It's deja vu all over again as the fest celebrates year three

Ohio Stadium might belong to Urban Meyer and Co. during the college football season, but on the second day of the inaugural Buckeye Country Superfest another Urban — Australian country singer Keith Urban — laid his claim to the turf.

If you experienced a bit of deja vu reading this opening sentence, well, that's understandable, because this is exactly how Alive kicked off its review of the annual country spectacle in 2015.

Superfest attendees likely experienced a similar been-there, done-that sensation this past weekend, with organizers having recycled a pair of year-one headliners for 2017: The aforementioned Urban, who headlined alongside the Zac Brown Band on Saturday, and Kenny Chesney, who closed out Sunday's festivities following a short, stellar set from Miranda Lambert.

As in past years, the scarcity of female performers was jarring — Jana Kramer joined Lambert as the only women on the lineup — though the trend is more indicative of country radio's lingering boy's-club mentality, which generated some controversy in 2015 (Google "Tomatoegate") but not a whole lot in the way of change.

The homogeneous, cookie-cutter nature of mainstream country radio revealed itself on occasion at Ohio Stadium on Sunday, with musicians exploring variations on the same themes. Michigan-born, Nashville-based singer/guitarist Frankie Ballard introduced “It All Started With a Beer” by asking the crowd, “Anybody out there drinking beer?” Roughly an hour later, Billy Currington, a sad-eyed, Georgia-born singer, parroted the line. “Where's all the beer drinkers tonight?” he asked before plowing into “Pretty Good at Drinkin' Beer,” a song that explores the racial tensions driving the … JUST KIDDING.

Though at times formulaic, this type of escapism is central to the format's success. Country radio tends to exist in a hermetically sealed, apolitical world where the beer is always cold, the jukebox is always rocking and, once you're off the clock, there's nothing that can hold you back. “It's a Friday night,” Currington drawled on “We Are Tonight,” “and we rule the world.”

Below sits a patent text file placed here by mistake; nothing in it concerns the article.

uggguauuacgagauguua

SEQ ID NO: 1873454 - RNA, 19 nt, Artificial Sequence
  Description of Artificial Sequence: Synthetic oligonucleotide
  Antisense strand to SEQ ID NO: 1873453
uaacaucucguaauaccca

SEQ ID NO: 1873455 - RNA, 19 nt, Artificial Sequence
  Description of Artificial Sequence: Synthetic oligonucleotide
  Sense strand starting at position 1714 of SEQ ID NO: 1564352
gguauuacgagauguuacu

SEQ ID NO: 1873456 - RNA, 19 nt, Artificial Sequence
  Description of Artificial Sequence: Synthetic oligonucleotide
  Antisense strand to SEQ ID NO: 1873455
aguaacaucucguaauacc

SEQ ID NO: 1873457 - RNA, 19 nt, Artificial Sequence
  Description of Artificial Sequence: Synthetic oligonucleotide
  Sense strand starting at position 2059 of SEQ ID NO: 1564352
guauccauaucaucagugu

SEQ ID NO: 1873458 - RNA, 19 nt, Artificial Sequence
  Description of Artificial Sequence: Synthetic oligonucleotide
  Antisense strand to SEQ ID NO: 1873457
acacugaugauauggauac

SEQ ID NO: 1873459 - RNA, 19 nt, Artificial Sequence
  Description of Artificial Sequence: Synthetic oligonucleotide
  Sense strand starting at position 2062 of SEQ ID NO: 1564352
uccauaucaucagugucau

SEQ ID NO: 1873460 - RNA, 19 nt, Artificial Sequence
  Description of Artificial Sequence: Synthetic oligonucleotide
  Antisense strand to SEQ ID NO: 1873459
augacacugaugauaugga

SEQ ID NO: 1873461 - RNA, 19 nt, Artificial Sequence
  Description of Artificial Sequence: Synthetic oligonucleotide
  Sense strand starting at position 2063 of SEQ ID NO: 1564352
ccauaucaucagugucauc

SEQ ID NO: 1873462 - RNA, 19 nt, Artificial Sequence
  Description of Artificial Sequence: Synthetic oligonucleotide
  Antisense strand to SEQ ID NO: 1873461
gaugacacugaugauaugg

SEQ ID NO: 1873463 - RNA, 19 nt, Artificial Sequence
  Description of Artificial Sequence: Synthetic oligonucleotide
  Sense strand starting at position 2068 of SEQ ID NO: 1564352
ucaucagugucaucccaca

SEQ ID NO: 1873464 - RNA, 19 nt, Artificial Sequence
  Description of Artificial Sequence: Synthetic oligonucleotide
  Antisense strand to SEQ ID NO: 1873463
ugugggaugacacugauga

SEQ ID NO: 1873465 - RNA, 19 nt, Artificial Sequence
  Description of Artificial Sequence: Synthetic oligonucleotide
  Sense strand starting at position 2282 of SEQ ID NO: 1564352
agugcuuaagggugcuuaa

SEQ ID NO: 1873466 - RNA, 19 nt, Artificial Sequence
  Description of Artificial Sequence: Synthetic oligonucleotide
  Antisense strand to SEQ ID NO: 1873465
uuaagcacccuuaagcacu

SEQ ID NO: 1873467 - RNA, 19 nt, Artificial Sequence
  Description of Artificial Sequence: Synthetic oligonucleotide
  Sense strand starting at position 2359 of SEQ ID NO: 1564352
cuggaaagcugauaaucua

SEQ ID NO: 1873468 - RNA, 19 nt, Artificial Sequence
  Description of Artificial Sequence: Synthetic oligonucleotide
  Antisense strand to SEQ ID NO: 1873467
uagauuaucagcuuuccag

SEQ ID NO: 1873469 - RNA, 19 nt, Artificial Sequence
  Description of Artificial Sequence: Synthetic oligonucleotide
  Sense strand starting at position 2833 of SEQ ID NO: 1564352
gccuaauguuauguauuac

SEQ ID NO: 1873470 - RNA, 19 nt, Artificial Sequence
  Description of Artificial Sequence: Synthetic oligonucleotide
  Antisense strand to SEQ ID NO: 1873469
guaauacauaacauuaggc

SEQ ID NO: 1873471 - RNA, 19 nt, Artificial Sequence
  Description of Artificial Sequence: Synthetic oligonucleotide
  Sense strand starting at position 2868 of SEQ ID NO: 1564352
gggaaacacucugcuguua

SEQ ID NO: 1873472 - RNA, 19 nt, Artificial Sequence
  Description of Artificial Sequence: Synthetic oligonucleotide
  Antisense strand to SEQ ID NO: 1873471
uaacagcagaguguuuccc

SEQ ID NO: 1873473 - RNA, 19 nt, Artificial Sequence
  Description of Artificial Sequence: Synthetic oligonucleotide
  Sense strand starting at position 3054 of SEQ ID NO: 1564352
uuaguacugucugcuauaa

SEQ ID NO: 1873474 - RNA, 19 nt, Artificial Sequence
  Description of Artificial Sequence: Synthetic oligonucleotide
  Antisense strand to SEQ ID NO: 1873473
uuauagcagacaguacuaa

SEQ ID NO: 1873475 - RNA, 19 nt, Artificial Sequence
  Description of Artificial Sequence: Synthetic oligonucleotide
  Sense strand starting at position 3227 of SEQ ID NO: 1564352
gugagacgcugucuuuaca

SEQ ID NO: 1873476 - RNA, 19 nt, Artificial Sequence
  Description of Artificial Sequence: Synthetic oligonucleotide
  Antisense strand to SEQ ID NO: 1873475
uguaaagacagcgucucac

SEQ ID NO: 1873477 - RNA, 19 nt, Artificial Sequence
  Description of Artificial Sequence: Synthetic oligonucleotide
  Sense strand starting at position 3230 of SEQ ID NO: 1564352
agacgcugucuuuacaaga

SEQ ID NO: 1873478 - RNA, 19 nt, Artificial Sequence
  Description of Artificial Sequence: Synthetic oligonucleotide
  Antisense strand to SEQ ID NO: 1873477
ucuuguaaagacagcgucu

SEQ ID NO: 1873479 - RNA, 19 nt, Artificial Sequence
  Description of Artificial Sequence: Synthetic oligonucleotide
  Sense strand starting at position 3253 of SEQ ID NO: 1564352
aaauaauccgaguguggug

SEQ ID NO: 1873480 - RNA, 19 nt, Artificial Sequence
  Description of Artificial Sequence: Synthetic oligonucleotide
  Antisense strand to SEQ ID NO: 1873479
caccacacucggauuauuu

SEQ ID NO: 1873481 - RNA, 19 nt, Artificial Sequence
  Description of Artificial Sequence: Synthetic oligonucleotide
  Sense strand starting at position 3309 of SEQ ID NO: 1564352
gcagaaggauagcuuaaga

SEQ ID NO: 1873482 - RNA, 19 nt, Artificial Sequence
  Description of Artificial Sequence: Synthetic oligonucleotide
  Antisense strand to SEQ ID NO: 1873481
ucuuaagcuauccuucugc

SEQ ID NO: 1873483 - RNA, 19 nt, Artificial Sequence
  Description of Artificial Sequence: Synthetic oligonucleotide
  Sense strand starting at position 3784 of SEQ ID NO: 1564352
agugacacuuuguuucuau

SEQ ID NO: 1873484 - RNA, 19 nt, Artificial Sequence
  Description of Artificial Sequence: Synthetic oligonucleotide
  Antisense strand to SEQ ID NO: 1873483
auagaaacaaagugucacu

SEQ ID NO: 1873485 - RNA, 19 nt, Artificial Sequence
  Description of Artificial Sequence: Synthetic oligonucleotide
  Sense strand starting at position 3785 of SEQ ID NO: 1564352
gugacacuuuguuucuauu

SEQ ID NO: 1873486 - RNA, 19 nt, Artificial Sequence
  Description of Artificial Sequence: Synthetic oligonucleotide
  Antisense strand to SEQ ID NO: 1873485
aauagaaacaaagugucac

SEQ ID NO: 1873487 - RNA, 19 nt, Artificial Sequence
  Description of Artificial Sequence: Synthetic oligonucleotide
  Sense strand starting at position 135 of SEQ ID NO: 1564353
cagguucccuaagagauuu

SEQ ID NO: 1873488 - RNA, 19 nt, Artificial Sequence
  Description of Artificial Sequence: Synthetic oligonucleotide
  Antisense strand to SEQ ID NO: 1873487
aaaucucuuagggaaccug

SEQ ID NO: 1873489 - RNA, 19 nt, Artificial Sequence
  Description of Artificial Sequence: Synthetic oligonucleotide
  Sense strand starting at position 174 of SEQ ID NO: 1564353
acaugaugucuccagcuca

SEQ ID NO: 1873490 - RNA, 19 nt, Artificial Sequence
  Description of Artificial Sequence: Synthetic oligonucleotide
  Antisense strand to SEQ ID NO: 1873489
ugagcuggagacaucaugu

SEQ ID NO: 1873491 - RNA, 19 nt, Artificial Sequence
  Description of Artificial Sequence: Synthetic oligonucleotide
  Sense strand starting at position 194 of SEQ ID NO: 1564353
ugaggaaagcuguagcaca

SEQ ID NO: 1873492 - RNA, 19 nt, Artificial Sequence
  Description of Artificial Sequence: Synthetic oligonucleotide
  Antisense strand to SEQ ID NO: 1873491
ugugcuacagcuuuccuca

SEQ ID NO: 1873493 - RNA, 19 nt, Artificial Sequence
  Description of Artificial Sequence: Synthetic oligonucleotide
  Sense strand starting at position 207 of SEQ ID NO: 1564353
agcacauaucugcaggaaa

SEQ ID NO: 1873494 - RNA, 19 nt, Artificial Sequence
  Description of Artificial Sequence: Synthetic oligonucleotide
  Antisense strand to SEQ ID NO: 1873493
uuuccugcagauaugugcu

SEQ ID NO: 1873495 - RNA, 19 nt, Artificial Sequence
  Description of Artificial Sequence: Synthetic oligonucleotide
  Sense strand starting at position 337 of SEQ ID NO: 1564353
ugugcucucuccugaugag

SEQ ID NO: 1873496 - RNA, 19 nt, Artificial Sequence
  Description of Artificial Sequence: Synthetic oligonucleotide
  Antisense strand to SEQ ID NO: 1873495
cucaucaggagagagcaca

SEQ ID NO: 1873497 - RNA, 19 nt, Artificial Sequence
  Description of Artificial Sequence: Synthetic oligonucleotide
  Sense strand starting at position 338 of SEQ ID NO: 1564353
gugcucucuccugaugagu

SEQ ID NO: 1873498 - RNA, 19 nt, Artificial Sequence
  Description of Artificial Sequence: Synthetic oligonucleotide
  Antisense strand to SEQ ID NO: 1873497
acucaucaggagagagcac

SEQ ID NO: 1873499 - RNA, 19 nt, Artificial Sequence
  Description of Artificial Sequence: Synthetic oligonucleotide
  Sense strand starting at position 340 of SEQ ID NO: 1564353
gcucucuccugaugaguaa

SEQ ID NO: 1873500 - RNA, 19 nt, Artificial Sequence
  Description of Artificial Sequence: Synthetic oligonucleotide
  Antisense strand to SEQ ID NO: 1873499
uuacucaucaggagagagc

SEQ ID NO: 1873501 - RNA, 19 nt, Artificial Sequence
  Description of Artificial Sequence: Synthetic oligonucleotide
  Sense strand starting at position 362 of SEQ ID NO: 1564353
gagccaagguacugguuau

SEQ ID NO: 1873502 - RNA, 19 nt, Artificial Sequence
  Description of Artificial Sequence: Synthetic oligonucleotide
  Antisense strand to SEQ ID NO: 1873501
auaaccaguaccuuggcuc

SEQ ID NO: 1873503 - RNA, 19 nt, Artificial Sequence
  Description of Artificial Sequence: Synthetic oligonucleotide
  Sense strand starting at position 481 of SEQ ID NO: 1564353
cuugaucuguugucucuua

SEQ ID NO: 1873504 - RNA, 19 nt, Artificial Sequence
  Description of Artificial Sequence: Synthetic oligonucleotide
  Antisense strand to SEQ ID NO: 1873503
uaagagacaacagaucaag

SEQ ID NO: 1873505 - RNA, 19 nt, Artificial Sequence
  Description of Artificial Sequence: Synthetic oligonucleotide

Currington filled the rest of his 45-minute set bouncing between two-dimensional portraits of small-town Southerners (“They run on a big ol' heart and a pinch of Skoal/That's how country boys roll”), happy-hour anthems (“People Are Crazy” centered on the line “God is great and beer is good”) and comparatively bittersweet tunes like the resolute “It Don't Hurt Like It Used To,” which was still less about past pains than his current smiley-emoji status. “Life is good,” he crooned.

Ballard, dressed in a black leather jacket in spite of temperatures that hovered just below 90 degrees, injected a bit of engine-revving, Motor City rock into his early evening set. Lyrically, the Michigan native's songs didn't offer much in the way of depth — “It All Started With a Beer,” for one, played like a spec script for an AB InBev TV spot — but there were times when Ballard locked in with his three-piece backing crew the Wildcat Band and it was almost possible to imagine what it might have sounded like taking in the Silver Bullet Band at the Palace of Auburn Hills in the late '80s.